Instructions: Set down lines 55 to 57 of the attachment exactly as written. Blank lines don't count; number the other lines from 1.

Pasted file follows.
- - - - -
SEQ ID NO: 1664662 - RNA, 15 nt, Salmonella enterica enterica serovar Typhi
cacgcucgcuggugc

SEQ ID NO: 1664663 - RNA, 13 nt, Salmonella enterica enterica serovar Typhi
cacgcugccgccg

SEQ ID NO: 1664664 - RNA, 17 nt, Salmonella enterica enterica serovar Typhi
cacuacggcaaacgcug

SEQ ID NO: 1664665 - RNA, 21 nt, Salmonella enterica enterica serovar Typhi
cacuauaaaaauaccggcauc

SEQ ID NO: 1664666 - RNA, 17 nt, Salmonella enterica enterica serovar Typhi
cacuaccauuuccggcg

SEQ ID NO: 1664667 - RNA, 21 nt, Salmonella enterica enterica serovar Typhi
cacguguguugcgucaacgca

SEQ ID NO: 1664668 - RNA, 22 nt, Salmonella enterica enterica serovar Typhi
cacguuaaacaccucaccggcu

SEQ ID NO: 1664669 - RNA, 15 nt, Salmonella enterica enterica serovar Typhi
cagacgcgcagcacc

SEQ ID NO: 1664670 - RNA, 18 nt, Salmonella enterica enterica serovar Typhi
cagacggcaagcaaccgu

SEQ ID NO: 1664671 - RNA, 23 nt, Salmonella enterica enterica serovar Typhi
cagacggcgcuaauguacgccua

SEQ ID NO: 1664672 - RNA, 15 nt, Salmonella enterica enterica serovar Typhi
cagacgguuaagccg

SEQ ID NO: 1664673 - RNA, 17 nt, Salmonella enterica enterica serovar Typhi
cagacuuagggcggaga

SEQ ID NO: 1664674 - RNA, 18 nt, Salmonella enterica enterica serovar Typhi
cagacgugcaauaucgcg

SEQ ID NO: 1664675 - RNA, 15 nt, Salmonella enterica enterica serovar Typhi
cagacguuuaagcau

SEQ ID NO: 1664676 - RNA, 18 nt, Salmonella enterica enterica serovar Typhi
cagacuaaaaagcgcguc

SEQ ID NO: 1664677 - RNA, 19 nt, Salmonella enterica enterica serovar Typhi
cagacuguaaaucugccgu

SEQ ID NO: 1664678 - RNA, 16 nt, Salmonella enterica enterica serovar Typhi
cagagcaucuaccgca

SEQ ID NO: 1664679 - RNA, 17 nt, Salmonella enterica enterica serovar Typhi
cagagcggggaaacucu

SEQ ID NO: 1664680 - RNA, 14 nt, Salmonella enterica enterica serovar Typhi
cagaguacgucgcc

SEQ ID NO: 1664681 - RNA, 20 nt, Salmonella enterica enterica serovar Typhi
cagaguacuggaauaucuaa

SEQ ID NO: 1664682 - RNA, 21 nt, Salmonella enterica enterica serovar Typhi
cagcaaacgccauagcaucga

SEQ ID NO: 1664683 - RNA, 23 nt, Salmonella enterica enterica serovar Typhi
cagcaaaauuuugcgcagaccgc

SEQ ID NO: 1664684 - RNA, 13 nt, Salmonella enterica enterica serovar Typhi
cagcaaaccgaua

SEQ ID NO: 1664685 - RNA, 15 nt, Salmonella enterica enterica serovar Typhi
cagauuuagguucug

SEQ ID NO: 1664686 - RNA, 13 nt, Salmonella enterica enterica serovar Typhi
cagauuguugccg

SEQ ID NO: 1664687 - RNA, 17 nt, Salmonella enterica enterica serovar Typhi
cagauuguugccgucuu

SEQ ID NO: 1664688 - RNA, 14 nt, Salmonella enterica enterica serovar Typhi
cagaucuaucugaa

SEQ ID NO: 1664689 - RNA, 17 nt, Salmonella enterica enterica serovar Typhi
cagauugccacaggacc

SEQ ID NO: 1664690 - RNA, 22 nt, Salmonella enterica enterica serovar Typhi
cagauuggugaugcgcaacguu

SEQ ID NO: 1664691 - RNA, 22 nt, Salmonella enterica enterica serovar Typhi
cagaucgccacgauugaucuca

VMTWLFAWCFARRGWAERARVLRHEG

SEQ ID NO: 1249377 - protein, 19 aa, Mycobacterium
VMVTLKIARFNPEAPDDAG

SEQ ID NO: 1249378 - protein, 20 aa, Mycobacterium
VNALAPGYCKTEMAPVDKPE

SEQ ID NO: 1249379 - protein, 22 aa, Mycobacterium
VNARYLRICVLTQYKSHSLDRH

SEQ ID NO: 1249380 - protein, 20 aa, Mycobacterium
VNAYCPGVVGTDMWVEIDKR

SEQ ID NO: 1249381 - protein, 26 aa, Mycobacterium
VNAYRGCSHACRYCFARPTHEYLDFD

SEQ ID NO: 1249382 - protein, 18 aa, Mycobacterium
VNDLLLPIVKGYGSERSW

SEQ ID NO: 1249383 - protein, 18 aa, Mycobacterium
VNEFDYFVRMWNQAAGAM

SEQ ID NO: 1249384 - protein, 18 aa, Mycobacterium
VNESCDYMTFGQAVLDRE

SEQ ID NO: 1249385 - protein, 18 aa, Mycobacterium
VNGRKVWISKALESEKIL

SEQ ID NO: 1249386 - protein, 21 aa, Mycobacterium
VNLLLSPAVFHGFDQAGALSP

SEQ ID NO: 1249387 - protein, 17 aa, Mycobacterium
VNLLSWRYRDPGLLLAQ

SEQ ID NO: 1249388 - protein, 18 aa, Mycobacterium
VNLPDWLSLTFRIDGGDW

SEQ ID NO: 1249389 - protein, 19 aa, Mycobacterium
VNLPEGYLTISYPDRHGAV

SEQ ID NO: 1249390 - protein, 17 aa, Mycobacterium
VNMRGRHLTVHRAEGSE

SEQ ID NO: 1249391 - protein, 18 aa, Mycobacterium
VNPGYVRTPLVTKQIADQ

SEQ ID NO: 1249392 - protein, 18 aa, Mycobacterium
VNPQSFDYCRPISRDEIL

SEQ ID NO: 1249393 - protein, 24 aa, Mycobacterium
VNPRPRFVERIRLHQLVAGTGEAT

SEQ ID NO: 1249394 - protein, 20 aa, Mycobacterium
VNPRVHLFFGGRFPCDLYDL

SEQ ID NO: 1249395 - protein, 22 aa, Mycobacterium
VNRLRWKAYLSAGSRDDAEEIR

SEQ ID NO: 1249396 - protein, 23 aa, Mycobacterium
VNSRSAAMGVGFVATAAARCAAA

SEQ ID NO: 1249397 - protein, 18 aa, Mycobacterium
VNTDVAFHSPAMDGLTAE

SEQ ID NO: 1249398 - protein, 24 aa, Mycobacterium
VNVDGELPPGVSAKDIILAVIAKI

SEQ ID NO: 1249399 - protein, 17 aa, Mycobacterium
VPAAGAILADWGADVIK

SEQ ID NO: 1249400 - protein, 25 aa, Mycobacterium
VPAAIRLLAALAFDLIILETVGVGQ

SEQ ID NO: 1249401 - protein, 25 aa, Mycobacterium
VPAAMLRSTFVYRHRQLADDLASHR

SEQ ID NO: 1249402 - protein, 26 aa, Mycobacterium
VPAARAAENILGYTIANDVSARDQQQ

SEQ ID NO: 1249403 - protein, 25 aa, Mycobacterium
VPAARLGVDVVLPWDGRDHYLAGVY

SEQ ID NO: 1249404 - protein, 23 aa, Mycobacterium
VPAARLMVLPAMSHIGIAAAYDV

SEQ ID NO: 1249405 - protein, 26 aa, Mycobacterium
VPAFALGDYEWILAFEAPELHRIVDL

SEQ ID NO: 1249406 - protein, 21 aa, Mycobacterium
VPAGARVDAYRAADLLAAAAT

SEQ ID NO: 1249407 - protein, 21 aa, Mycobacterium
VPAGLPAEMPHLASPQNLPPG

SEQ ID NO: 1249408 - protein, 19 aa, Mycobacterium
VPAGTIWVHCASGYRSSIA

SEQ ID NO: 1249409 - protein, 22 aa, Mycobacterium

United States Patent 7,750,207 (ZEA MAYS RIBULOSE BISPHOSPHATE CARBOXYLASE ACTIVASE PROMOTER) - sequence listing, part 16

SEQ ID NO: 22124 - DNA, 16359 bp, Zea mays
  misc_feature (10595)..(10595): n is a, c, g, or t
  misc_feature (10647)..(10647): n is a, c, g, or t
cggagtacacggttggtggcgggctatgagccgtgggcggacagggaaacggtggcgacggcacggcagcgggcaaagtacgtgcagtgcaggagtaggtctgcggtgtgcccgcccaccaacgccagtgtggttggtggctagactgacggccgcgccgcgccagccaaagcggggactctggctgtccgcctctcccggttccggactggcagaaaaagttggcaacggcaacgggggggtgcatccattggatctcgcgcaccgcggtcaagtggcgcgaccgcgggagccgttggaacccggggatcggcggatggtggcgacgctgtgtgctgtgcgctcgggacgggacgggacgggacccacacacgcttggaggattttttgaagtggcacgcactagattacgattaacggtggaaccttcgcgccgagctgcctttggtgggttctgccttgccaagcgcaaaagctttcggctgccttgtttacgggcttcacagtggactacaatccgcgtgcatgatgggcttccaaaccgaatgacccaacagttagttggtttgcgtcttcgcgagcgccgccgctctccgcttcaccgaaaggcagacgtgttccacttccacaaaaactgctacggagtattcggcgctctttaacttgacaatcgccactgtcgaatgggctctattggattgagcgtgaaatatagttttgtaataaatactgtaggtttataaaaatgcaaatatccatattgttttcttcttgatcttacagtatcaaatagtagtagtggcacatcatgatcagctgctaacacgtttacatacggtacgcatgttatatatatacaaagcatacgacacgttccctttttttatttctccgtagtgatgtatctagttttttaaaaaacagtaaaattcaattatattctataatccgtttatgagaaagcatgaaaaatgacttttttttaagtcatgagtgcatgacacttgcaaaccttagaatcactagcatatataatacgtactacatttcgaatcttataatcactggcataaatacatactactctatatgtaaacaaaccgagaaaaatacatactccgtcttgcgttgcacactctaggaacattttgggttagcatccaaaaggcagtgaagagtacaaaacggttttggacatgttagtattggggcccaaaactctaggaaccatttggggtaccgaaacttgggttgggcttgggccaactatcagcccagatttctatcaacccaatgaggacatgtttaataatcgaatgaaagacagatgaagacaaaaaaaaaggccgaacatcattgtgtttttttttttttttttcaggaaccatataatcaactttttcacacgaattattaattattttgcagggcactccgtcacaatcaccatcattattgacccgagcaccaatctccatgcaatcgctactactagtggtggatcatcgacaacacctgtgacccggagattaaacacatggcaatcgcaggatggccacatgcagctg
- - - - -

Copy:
SEQ ID NO: 1664689 - RNA, 17 nt, Salmonella enterica enterica serovar Typhi
cagauugccacaggacc

SEQ ID NO: 1664690 - RNA, 22 nt, Salmonella enterica enterica serovar Typhi